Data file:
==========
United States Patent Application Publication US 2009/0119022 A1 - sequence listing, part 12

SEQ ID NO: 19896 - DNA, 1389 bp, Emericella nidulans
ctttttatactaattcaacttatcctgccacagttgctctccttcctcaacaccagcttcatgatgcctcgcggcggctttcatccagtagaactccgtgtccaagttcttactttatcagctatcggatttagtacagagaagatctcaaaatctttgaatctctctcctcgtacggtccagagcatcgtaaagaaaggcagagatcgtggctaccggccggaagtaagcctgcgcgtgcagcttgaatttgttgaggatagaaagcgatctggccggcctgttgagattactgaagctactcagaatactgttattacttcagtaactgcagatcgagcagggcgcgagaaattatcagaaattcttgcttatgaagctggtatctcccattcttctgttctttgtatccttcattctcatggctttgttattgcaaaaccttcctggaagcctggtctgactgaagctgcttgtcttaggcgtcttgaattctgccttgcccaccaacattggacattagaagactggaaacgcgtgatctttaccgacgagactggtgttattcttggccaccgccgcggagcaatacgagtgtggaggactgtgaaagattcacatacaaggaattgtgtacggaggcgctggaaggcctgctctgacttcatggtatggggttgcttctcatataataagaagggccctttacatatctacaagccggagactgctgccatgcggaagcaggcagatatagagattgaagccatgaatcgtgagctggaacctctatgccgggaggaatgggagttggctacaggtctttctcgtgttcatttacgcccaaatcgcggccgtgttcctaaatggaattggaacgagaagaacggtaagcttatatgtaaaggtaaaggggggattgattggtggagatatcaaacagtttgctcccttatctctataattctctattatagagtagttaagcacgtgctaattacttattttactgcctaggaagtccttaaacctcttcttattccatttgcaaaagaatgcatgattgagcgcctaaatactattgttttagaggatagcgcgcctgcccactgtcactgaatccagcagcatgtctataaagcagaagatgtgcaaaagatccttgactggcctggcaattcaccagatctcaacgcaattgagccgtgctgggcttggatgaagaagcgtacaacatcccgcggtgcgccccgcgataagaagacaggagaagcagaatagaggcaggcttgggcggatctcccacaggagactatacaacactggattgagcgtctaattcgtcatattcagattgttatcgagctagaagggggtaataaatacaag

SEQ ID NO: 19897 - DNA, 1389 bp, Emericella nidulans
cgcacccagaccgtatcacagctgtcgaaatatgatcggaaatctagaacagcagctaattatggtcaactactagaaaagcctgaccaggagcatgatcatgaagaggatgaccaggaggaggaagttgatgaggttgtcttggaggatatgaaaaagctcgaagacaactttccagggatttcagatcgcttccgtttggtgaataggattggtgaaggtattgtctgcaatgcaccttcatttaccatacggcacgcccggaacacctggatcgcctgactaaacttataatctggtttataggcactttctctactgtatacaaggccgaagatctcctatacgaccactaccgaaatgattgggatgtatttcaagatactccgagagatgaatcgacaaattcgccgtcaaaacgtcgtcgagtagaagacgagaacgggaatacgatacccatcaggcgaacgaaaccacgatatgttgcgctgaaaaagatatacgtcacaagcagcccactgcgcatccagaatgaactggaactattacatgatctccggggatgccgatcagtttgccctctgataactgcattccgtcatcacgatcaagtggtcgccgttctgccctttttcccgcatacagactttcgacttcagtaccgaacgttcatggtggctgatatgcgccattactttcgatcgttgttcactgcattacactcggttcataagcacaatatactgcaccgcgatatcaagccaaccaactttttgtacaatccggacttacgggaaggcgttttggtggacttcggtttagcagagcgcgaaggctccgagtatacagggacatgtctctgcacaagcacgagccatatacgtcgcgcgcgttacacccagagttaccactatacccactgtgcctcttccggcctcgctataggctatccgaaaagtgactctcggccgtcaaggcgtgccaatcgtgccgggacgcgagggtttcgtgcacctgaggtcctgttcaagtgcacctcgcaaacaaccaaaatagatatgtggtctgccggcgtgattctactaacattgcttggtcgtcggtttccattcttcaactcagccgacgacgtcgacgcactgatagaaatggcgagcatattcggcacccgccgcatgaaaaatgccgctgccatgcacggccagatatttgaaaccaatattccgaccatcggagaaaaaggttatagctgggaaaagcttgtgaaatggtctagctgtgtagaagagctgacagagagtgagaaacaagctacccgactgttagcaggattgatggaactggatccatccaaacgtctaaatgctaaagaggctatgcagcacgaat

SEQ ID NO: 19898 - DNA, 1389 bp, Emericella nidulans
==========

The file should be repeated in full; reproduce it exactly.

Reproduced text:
United States Patent Application Publication US 2009/0119022 A1 - sequence listing, part 12

SEQ ID NO: 19896 - DNA, 1389 bp, Emericella nidulans
ctttttatactaattcaacttatcctgccacagttgctctccttcctcaacaccagcttcatgatgcctcgcggcggctttcatccagtagaactccgtgtccaagttcttactttatcagctatcggatttagtacagagaagatctcaaaatctttgaatctctctcctcgtacggtccagagcatcgtaaagaaaggcagagatcgtggctaccggccggaagtaagcctgcgcgtgcagcttgaatttgttgaggatagaaagcgatctggccggcctgttgagattactgaagctactcagaatactgttattacttcagtaactgcagatcgagcagggcgcgagaaattatcagaaattcttgcttatgaagctggtatctcccattcttctgttctttgtatccttcattctcatggctttgttattgcaaaaccttcctggaagcctggtctgactgaagctgcttgtcttaggcgtcttgaattctgccttgcccaccaacattggacattagaagactggaaacgcgtgatctttaccgacgagactggtgttattcttggccaccgccgcggagcaatacgagtgtggaggactgtgaaagattcacatacaaggaattgtgtacggaggcgctggaaggcctgctctgacttcatggtatggggttgcttctcatataataagaagggccctttacatatctacaagccggagactgctgccatgcggaagcaggcagatatagagattgaagccatgaatcgtgagctggaacctctatgccgggaggaatgggagttggctacaggtctttctcgtgttcatttacgcccaaatcgcggccgtgttcctaaatggaattggaacgagaagaacggtaagcttatatgtaaaggtaaaggggggattgattggtggagatatcaaacagtttgctcccttatctctataattctctattatagagtagttaagcacgtgctaattacttattttactgcctaggaagtccttaaacctcttcttattccatttgcaaaagaatgcatgattgagcgcctaaatactattgttttagaggatagcgcgcctgcccactgtcactgaatccagcagcatgtctataaagcagaagatgtgcaaaagatccttgactggcctggcaattcaccagatctcaacgcaattgagccgtgctgggcttggatgaagaagcgtacaacatcccgcggtgcgccccgcgataagaagacaggagaagcagaatagaggcaggcttgggcggatctcccacaggagactatacaacactggattgagcgtctaattcgtcatattcagattgttatcgagctagaagggggtaataaatacaag

SEQ ID NO: 19897 - DNA, 1389 bp, Emericella nidulans
cgcacccagaccgtatcacagctgtcgaaatatgatcggaaatctagaacagcagctaattatggtcaactactagaaaagcctgaccaggagcatgatcatgaagaggatgaccaggaggaggaagttgatgaggttgtcttggaggatatgaaaaagctcgaagacaactttccagggatttcagatcgcttccgtttggtgaataggattggtgaaggtattgtctgcaatgcaccttcatttaccatacggcacgcccggaacacctggatcgcctgactaaacttataatctggtttataggcactttctctactgtatacaaggccgaagatctcctatacgaccactaccgaaatgattgggatgtatttcaagatactccgagagatgaatcgacaaattcgccgtcaaaacgtcgtcgagtagaagacgagaacgggaatacgatacccatcaggcgaacgaaaccacgatatgttgcgctgaaaaagatatacgtcacaagcagcccactgcgcatccagaatgaactggaactattacatgatctccggggatgccgatcagtttgccctctgataactgcattccgtcatcacgatcaagtggtcgccgttctgccctttttcccgcatacagactttcgacttcagtaccgaacgttcatggtggctgatatgcgccattactttcgatcgttgttcactgcattacactcggttcataagcacaatatactgcaccgcgatatcaagccaaccaactttttgtacaatccggacttacgggaaggcgttttggtggacttcggtttagcagagcgcgaaggctccgagtatacagggacatgtctctgcacaagcacgagccatatacgtcgcgcgcgttacacccagagttaccactatacccactgtgcctcttccggcctcgctataggctatccgaaaagtgactctcggccgtcaaggcgtgccaatcgtgccgggacgcgagggtttcgtgcacctgaggtcctgttcaagtgcacctcgcaaacaaccaaaatagatatgtggtctgccggcgtgattctactaacattgcttggtcgtcggtttccattcttcaactcagccgacgacgtcgacgcactgatagaaatggcgagcatattcggcacccgccgcatgaaaaatgccgctgccatgcacggccagatatttgaaaccaatattccgaccatcggagaaaaaggttatagctgggaaaagcttgtgaaatggtctagctgtgtagaagagctgacagagagtgagaaacaagctacccgactgttagcaggattgatggaactggatccatccaaacgtctaaatgctaaagaggctatgcagcacgaat

SEQ ID NO: 19898 - DNA, 1389 bp, Emericella nidulans